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A flashy first for Esquire magazine

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“The 21st Century Begins Now,” proclaims the October issue of Esquire. To make its point, the magazine will come with a battery-powered digital cover that flashes the tag line.

This animated brush with science fiction uses admittedly simple technology, but packages it in a way that no publisher has yet pulled off. The cover comes embedded with an E Ink display, the same setup used by the Amazon Kindle book reader. But rather than settle for the Kindle’s boxy frame, Esquire commissioned itty-bitty batteries that will tuck into its paper-thin front page.

The men’s fashion magazine has tinkered with this idea since 2000, and editor David Granger told The New York Times it’s finally gotten it right.

First Esquire had to make a six-figure investment to hire an engineer in China to develop a battery small enough to be inserted in the magazine cover. The batteries and the display case are manufactured and put together in China. They are shipped to Texas and on to Mexico, where the device is inserted by hand into each magazine. The issues will then be shipped via trucks, which will be refrigerated to preserve the batteries, to the magazine’s distributor in Glazer, Ky.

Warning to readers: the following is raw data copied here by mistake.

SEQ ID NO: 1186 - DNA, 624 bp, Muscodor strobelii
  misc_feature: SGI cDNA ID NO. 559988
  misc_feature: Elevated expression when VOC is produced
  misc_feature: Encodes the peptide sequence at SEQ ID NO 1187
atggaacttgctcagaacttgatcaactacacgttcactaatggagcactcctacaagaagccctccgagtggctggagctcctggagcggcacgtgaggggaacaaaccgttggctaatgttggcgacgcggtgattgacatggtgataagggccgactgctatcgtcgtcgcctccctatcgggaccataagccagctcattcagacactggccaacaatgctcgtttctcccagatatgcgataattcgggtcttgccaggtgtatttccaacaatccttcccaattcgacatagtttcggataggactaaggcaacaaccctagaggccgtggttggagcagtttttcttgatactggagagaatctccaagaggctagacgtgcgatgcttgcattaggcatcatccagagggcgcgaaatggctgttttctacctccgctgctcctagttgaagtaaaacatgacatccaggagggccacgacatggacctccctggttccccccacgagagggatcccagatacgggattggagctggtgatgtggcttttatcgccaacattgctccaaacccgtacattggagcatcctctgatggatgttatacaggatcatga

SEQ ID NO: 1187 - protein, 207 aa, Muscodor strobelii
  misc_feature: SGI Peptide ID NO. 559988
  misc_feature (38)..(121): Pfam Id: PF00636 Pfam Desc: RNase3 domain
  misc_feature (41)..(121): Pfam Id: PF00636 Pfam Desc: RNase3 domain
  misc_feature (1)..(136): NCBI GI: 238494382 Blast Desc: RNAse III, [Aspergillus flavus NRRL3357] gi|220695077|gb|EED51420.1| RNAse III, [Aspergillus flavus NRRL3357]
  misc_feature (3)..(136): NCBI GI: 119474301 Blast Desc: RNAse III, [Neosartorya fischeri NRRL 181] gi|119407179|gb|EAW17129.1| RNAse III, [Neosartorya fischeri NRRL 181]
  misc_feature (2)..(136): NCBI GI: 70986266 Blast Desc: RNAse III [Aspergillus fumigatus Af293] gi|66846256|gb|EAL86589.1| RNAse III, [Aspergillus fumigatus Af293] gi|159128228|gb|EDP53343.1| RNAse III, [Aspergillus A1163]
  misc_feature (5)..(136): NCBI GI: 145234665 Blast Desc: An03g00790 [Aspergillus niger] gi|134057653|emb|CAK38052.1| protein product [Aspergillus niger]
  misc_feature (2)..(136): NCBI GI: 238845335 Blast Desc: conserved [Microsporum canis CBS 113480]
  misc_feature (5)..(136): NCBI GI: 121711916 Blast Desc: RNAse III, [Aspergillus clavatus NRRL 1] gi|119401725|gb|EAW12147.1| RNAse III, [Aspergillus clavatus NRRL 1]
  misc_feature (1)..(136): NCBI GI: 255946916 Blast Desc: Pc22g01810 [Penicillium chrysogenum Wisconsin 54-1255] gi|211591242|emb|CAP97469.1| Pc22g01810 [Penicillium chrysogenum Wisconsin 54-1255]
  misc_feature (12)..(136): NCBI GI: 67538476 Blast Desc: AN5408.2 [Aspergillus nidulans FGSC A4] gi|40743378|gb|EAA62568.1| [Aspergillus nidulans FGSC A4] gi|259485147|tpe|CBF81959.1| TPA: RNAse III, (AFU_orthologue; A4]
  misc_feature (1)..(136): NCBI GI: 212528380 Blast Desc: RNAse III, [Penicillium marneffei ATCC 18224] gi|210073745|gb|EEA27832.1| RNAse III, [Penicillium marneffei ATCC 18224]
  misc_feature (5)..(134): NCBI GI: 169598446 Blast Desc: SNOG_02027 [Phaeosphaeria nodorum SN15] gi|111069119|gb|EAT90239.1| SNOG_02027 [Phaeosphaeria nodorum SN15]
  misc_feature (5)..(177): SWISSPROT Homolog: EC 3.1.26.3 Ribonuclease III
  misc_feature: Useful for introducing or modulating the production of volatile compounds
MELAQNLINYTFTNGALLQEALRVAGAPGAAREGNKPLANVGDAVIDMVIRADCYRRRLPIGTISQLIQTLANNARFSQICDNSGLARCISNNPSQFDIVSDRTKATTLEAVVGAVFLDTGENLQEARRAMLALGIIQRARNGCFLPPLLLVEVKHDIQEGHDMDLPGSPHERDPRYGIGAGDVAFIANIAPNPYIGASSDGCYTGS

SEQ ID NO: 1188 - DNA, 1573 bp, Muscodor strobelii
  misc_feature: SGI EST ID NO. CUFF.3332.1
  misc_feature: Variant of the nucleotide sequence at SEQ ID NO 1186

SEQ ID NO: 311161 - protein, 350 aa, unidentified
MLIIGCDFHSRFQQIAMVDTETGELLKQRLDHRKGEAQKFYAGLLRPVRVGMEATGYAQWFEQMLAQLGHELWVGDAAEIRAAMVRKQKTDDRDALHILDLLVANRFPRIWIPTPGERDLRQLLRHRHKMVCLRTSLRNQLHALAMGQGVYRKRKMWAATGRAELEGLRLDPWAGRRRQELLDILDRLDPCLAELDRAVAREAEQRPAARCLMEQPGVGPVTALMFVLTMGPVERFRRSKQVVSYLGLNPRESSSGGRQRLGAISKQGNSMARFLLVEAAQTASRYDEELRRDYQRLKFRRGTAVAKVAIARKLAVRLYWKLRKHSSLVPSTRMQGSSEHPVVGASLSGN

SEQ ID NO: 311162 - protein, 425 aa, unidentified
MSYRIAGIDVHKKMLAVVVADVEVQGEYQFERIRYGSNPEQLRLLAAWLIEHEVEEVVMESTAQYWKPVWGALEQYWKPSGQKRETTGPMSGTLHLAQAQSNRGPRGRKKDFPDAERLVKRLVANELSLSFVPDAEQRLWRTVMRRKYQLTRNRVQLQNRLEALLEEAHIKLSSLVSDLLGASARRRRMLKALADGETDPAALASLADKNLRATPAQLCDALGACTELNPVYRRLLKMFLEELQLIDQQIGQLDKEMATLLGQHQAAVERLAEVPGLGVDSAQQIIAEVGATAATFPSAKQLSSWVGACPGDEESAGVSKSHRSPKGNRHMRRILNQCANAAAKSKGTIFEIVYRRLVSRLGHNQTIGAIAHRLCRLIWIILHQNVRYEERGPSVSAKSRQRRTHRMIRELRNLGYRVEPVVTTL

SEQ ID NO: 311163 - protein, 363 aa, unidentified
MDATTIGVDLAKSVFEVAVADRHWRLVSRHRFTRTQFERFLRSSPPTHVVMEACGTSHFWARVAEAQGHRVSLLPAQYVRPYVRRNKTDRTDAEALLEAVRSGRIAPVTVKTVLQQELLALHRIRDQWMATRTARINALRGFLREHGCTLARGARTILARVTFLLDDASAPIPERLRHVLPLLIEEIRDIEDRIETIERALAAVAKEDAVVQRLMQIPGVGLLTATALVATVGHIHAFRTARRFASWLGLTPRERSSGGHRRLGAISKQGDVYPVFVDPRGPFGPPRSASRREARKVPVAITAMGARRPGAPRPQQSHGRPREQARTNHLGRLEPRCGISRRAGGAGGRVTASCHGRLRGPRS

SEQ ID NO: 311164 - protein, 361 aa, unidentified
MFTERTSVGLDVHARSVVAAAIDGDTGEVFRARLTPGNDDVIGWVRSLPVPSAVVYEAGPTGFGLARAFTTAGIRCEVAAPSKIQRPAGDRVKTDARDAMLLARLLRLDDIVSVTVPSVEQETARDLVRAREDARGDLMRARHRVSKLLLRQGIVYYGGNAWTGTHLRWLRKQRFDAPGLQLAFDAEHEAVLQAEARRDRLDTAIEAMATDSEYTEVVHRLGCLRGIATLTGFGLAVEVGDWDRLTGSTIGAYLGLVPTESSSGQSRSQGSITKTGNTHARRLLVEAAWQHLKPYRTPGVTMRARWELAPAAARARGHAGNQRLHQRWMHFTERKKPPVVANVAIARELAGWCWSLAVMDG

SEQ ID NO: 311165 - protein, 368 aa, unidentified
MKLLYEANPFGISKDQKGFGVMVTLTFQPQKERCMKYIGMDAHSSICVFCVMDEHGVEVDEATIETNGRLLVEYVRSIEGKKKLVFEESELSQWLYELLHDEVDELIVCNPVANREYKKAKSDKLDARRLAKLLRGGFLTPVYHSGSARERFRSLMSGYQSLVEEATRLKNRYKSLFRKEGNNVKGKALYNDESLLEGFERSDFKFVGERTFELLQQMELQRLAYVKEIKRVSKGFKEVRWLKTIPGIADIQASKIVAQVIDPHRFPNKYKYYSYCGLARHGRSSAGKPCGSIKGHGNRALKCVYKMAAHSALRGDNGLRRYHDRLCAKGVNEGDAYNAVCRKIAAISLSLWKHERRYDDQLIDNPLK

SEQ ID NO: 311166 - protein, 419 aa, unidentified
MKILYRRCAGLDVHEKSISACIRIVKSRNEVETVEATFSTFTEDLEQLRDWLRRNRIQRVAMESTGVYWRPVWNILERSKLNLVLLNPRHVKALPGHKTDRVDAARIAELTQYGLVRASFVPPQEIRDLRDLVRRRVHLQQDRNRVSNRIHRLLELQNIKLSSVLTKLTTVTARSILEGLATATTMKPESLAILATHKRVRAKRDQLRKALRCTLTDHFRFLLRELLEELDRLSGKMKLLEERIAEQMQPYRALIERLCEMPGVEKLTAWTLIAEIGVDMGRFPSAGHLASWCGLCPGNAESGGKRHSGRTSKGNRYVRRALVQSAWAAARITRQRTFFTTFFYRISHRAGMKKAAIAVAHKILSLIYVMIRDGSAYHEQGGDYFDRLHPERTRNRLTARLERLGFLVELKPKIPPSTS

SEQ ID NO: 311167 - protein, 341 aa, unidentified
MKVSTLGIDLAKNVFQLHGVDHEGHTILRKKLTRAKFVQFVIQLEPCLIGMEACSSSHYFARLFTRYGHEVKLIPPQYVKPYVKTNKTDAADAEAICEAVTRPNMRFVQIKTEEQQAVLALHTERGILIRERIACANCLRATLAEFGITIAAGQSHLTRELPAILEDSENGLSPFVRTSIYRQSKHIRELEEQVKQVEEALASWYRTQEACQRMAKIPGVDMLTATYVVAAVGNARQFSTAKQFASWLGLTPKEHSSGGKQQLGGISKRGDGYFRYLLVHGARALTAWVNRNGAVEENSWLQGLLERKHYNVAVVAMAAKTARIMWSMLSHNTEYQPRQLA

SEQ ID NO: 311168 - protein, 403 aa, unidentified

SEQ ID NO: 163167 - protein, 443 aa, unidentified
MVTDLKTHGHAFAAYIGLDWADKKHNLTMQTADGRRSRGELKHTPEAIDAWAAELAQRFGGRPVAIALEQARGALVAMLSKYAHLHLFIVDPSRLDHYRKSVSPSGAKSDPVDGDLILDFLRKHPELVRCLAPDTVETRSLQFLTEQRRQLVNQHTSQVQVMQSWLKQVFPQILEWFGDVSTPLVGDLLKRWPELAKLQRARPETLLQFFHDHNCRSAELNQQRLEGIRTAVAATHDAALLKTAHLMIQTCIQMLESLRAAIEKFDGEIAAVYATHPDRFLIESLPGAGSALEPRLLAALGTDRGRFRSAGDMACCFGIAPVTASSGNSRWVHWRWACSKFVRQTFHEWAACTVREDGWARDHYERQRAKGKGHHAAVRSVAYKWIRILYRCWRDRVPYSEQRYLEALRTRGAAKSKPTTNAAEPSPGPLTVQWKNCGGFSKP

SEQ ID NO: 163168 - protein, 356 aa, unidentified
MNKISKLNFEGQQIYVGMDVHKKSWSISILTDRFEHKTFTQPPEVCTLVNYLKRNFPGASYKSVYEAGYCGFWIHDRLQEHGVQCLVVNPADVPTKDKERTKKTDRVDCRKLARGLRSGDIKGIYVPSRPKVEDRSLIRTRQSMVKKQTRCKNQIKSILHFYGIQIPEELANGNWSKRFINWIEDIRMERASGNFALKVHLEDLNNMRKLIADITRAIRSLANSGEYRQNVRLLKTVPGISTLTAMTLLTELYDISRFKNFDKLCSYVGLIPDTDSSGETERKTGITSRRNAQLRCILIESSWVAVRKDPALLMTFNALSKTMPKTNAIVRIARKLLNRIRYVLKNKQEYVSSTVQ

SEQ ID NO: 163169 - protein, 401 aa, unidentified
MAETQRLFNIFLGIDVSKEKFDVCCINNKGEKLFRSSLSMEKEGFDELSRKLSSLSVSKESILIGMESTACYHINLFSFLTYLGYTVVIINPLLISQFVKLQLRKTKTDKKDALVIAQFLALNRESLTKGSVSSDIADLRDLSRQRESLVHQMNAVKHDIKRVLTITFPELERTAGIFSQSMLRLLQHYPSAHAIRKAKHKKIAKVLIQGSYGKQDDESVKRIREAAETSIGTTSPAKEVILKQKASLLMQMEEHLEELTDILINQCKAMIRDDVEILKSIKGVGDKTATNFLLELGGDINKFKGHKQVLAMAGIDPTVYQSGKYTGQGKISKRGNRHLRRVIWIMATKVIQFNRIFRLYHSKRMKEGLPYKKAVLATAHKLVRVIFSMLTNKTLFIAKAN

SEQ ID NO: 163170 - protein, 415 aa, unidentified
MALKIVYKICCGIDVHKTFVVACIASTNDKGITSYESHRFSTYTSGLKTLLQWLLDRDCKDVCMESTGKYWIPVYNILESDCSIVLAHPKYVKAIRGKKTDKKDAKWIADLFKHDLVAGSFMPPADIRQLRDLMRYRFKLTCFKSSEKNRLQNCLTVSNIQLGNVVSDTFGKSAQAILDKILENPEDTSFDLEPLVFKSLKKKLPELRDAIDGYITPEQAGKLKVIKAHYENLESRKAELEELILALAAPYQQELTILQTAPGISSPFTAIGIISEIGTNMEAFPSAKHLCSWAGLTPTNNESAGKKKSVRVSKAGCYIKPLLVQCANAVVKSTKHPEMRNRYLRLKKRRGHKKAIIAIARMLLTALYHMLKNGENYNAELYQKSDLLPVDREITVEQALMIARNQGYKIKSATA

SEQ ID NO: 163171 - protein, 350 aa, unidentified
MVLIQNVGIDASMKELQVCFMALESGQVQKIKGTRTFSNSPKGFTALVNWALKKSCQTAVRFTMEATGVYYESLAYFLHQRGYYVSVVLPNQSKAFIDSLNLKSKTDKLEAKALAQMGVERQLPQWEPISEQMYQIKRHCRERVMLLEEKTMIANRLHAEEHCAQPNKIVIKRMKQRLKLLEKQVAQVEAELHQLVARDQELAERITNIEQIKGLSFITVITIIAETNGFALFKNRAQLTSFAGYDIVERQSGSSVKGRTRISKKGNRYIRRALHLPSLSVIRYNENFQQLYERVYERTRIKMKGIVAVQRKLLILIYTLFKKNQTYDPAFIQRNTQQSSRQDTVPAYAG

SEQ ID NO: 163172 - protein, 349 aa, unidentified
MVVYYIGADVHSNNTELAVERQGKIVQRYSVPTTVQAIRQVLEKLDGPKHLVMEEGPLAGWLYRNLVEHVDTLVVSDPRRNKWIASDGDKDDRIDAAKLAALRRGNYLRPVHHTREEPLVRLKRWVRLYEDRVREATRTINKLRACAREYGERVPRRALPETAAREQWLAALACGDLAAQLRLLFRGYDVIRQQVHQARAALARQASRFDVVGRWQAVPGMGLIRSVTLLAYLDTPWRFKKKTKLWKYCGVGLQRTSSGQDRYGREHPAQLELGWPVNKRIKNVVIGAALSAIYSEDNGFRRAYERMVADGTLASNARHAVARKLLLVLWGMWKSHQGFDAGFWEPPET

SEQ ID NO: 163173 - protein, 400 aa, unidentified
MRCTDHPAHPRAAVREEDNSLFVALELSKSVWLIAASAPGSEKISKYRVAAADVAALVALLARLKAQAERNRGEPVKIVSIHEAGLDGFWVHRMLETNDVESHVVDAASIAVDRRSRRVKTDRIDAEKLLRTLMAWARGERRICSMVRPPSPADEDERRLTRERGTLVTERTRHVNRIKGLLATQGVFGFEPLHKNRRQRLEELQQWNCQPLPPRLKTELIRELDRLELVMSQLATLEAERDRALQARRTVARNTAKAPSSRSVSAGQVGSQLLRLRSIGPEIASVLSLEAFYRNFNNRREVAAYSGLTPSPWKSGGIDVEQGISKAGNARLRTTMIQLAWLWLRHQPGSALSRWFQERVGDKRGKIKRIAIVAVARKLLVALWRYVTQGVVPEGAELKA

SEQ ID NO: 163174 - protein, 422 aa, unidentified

Ford Motor has sponsored the expensive endeavor, paying for an ad on the issue’s E Ink inside cover.

But this flashy revision of a 150-year-old magazine industry is still only a first draft. The special batteries will drain after 90 days, and this initial 100,000-copy run will only hit magazine racks. Subscribers are out of luck.

Still, Mr. Granger says the issue, due out in September, is both a push for new subscribers and chance to inspire innovation in other magazines.

“I have been frustrated with the lack of forward movement in the magazine industry,” he says. “The possibilities of print have just begun. In two years, I hope this looks like cellphones did in 1982, or car phones.”

I'm excited to see the cover in action, but we'll see if his prediction is right, or if after two years, E Ink becomes the new hologram cover – cool and flashy, then simply tacky.

[Via NYTimes]

 

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